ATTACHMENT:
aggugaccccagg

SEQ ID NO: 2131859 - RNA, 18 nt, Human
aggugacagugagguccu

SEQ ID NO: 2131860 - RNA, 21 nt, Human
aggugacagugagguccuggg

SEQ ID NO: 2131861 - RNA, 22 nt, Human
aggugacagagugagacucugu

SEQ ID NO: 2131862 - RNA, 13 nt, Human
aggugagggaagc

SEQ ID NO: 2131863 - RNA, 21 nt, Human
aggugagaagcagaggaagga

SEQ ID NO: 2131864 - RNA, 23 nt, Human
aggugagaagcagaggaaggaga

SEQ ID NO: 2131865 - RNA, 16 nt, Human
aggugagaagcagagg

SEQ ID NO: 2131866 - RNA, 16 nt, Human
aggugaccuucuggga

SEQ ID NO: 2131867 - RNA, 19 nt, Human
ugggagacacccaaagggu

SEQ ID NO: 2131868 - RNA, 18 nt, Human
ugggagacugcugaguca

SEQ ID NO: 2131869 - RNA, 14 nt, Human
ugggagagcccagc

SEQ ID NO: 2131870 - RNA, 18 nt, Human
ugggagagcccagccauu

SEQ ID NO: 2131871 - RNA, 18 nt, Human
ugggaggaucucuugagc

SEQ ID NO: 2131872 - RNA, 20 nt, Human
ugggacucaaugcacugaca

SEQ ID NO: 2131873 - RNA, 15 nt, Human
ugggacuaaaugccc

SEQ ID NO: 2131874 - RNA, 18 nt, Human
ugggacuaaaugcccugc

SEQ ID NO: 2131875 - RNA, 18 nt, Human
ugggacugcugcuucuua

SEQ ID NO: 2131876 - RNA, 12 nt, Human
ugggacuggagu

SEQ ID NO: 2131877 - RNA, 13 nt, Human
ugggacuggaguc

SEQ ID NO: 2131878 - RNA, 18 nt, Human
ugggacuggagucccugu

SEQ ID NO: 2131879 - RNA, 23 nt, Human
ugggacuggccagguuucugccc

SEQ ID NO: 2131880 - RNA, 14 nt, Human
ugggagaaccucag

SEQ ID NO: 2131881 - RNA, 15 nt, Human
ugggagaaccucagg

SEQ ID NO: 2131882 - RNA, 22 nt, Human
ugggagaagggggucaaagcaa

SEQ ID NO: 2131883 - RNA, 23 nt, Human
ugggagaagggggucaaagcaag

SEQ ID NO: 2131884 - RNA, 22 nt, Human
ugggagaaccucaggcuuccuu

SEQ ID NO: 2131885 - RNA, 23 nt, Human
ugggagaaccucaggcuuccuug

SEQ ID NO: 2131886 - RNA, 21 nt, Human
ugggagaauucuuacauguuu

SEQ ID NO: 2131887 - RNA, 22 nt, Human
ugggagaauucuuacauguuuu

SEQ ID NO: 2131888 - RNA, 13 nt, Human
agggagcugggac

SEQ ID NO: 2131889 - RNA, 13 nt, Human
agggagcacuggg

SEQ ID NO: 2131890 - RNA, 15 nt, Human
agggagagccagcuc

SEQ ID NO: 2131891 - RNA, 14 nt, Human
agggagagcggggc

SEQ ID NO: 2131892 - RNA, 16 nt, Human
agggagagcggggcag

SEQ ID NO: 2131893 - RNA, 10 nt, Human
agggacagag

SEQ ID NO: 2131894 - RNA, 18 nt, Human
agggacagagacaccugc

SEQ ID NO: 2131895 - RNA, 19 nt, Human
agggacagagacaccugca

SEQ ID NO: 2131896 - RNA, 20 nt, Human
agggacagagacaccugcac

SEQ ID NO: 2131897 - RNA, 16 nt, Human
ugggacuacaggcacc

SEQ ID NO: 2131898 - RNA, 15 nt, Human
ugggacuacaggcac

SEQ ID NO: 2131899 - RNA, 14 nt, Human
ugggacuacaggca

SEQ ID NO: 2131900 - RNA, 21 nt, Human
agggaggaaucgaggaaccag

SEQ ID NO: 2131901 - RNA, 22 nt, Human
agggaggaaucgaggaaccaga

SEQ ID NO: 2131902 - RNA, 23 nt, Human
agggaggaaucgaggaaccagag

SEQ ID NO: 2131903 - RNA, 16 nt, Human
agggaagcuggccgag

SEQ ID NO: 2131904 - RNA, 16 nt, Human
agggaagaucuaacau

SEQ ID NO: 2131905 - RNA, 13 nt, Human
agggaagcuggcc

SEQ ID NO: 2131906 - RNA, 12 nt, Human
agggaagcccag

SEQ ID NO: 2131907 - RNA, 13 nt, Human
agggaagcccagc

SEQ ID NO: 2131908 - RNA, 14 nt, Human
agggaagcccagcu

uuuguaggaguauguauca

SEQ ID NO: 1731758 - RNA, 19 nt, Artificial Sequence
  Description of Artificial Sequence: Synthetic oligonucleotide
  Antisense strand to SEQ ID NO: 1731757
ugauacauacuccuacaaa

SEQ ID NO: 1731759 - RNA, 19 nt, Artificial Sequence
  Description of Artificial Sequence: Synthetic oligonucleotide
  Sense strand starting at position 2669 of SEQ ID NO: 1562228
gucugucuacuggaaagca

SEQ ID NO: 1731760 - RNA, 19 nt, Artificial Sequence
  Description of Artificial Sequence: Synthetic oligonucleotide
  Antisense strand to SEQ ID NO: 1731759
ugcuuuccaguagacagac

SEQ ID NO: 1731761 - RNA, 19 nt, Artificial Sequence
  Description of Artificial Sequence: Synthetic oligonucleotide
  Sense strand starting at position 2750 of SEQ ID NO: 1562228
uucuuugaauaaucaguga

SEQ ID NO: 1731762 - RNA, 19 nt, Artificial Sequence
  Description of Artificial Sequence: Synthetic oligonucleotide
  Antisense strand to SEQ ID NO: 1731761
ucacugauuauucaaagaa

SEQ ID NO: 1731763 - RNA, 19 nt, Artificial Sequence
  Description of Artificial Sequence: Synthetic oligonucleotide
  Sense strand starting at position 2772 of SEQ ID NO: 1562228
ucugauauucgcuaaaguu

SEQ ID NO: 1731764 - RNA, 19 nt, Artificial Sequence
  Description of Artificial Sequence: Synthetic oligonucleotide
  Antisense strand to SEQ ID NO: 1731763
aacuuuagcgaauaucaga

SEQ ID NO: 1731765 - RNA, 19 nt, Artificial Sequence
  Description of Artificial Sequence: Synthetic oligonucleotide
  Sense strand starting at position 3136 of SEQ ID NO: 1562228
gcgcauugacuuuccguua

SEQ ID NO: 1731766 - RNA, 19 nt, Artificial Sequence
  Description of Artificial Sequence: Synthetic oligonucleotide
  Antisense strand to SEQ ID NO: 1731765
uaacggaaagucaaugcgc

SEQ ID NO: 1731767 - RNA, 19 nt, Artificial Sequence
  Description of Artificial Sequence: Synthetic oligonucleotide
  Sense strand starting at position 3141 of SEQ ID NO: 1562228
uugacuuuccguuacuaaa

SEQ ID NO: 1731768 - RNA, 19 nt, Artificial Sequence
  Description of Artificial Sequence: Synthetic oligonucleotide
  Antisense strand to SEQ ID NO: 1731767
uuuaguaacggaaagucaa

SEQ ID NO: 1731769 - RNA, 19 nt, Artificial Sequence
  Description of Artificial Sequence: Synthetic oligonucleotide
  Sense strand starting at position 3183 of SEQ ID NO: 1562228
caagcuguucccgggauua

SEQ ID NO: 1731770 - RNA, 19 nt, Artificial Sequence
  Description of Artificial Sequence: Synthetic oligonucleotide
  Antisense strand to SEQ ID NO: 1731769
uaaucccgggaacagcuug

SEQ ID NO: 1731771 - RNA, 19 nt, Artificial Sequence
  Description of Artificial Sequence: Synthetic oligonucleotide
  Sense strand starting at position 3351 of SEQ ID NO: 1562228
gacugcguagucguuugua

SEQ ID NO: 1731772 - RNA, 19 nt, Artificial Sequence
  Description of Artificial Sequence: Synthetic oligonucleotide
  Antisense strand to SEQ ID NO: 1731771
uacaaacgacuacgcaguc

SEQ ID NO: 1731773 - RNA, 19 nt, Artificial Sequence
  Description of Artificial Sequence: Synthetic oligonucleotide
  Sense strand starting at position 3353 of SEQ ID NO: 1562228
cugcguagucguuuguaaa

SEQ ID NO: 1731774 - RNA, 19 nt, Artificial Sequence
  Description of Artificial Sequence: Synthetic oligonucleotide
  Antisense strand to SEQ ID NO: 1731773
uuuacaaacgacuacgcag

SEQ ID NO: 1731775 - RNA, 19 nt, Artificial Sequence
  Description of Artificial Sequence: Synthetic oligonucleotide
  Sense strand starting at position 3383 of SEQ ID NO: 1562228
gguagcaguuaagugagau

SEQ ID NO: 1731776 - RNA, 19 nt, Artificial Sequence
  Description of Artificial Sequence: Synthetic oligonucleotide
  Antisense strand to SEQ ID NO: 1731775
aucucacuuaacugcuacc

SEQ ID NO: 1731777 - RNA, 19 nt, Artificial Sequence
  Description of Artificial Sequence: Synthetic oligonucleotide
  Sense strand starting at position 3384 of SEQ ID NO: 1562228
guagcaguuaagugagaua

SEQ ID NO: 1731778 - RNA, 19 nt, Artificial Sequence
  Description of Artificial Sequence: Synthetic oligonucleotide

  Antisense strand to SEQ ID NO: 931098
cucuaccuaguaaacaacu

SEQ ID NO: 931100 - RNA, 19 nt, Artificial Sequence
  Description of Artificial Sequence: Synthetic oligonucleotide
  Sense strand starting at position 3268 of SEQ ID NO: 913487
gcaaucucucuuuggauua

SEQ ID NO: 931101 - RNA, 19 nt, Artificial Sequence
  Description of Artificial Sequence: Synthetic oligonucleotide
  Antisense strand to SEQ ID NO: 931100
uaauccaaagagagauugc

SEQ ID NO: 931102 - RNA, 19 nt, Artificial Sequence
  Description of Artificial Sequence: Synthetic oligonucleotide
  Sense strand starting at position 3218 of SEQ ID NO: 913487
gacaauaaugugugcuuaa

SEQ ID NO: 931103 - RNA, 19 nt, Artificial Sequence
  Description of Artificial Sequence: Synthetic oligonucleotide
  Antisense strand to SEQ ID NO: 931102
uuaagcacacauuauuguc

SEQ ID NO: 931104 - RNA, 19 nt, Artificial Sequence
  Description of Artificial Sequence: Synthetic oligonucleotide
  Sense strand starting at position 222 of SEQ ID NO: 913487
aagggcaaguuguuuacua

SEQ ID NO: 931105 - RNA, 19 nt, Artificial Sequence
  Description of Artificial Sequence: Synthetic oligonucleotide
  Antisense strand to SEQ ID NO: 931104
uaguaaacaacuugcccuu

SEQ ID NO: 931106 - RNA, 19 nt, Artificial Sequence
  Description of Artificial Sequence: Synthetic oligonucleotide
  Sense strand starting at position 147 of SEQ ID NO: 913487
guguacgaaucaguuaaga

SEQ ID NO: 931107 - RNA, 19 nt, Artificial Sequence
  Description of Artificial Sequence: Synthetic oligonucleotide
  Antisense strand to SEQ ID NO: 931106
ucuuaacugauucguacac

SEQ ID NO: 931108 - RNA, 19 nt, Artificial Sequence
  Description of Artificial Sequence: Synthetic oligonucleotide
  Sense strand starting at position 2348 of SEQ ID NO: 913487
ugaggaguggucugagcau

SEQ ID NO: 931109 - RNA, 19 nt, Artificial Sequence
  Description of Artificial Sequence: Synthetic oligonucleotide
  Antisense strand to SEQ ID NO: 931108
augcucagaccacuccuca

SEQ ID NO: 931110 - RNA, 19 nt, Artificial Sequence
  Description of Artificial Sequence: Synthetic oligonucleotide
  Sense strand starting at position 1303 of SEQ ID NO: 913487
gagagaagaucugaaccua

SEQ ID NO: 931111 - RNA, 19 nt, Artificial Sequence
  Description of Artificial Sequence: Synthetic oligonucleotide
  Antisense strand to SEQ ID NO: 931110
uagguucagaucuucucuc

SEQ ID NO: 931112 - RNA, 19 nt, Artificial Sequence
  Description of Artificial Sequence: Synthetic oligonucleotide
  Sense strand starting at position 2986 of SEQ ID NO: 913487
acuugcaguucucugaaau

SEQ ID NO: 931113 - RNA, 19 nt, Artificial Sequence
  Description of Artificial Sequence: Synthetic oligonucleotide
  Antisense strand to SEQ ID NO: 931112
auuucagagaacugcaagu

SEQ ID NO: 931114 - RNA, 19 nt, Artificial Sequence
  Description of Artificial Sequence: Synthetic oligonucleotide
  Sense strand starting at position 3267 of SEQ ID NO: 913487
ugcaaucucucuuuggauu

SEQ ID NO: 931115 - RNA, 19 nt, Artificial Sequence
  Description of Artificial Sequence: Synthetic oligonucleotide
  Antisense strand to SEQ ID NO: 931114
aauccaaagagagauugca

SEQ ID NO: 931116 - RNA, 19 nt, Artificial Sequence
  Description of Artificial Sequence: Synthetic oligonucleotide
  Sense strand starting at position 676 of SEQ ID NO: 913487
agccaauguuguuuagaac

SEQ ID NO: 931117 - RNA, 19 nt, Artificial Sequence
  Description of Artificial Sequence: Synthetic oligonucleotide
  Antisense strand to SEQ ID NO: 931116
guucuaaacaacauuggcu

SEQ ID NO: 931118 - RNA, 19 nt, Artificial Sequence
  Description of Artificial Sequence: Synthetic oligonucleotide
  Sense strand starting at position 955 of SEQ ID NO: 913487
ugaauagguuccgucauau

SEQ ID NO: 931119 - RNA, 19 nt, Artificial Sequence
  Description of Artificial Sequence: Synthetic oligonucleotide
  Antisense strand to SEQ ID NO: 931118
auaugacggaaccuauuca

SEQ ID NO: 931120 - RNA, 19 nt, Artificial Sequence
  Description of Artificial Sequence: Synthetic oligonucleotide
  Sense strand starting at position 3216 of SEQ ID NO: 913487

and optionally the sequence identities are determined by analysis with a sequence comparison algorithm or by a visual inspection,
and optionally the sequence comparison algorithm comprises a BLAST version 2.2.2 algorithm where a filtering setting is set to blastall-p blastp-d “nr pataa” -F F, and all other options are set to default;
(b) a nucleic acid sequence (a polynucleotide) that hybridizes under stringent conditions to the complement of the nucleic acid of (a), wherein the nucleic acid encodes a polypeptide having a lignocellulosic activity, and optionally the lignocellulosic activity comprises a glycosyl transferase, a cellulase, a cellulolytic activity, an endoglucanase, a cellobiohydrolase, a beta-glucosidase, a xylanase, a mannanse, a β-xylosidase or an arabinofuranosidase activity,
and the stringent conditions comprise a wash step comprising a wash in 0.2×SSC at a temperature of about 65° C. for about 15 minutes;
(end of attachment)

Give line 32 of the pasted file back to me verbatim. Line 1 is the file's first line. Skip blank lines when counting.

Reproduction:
SEQ ID NO: 2131874 - RNA, 18 nt, Human